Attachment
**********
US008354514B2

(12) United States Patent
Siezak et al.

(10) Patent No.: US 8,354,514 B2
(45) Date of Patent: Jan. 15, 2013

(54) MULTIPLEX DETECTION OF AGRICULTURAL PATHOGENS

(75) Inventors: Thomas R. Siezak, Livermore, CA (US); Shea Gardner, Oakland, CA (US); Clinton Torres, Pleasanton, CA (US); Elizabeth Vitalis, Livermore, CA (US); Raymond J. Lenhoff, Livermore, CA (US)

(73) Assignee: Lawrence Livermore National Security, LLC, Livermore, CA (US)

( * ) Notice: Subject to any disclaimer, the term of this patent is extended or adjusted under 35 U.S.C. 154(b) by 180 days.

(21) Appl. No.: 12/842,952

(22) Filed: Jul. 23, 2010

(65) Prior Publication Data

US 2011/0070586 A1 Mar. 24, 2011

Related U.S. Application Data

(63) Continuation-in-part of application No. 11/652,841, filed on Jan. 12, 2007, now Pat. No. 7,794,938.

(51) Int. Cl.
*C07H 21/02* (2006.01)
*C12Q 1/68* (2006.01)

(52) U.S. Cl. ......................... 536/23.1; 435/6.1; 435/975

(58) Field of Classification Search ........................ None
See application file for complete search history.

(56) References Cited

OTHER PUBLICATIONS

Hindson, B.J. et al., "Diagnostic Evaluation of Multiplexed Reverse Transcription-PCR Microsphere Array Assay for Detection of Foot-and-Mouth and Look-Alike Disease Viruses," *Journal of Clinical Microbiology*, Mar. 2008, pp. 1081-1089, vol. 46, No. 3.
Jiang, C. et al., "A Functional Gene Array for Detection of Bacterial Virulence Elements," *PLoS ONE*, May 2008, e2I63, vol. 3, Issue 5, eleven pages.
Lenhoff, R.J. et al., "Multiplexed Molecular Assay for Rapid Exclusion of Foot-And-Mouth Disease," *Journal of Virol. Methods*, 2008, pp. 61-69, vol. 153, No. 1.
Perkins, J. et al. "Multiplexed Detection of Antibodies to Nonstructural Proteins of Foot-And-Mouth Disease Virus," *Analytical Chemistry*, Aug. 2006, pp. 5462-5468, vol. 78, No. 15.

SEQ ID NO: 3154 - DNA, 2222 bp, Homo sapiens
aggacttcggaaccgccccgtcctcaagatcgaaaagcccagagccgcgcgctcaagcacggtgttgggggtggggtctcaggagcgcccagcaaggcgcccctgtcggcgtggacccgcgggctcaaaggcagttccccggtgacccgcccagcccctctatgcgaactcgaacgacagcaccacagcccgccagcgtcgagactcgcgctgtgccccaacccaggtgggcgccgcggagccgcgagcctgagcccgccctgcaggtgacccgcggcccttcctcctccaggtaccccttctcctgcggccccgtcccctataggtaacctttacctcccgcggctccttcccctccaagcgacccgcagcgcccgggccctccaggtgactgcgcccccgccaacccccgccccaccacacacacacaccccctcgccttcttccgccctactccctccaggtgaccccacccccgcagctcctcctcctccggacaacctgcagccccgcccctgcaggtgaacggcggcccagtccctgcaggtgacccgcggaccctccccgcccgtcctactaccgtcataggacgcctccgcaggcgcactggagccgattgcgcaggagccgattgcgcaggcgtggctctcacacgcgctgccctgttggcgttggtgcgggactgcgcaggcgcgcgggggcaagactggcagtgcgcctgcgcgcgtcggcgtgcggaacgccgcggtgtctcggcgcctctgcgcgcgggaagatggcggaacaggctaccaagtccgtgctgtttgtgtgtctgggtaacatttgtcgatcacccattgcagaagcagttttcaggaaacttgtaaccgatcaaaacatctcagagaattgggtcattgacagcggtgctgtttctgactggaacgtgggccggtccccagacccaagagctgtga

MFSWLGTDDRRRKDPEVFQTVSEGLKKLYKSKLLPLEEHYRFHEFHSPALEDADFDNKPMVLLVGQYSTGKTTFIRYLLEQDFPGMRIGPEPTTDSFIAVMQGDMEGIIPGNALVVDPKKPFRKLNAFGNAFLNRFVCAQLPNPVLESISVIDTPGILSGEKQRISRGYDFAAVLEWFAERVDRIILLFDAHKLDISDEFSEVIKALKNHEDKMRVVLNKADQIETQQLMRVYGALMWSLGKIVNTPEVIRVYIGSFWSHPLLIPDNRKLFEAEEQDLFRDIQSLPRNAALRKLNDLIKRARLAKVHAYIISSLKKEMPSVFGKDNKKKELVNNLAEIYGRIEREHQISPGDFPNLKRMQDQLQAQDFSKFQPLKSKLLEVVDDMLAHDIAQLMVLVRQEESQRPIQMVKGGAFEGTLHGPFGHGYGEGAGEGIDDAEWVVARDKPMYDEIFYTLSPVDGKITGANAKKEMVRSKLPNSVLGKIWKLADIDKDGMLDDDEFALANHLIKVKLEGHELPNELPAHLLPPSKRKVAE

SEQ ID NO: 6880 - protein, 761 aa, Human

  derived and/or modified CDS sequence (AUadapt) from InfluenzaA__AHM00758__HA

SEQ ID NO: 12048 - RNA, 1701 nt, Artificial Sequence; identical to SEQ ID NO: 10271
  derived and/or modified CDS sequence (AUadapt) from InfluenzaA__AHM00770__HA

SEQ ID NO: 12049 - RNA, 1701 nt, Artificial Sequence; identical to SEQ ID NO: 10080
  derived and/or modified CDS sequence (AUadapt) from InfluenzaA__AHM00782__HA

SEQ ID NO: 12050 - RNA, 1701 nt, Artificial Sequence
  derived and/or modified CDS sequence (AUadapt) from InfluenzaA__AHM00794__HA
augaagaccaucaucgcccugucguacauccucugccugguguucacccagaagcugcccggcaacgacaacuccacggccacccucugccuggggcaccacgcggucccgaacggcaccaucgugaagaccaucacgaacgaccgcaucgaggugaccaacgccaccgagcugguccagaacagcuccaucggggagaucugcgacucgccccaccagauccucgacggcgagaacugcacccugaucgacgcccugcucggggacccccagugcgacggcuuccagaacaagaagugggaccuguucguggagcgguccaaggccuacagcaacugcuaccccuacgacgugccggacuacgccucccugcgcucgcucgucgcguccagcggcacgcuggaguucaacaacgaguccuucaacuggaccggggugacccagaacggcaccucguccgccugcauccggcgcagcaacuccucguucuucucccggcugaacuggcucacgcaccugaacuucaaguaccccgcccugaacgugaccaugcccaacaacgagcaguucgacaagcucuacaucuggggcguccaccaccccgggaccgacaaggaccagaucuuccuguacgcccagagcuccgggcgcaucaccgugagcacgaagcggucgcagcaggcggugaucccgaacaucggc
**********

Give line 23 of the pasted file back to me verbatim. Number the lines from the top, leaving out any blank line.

OTHER PUBLICATIONS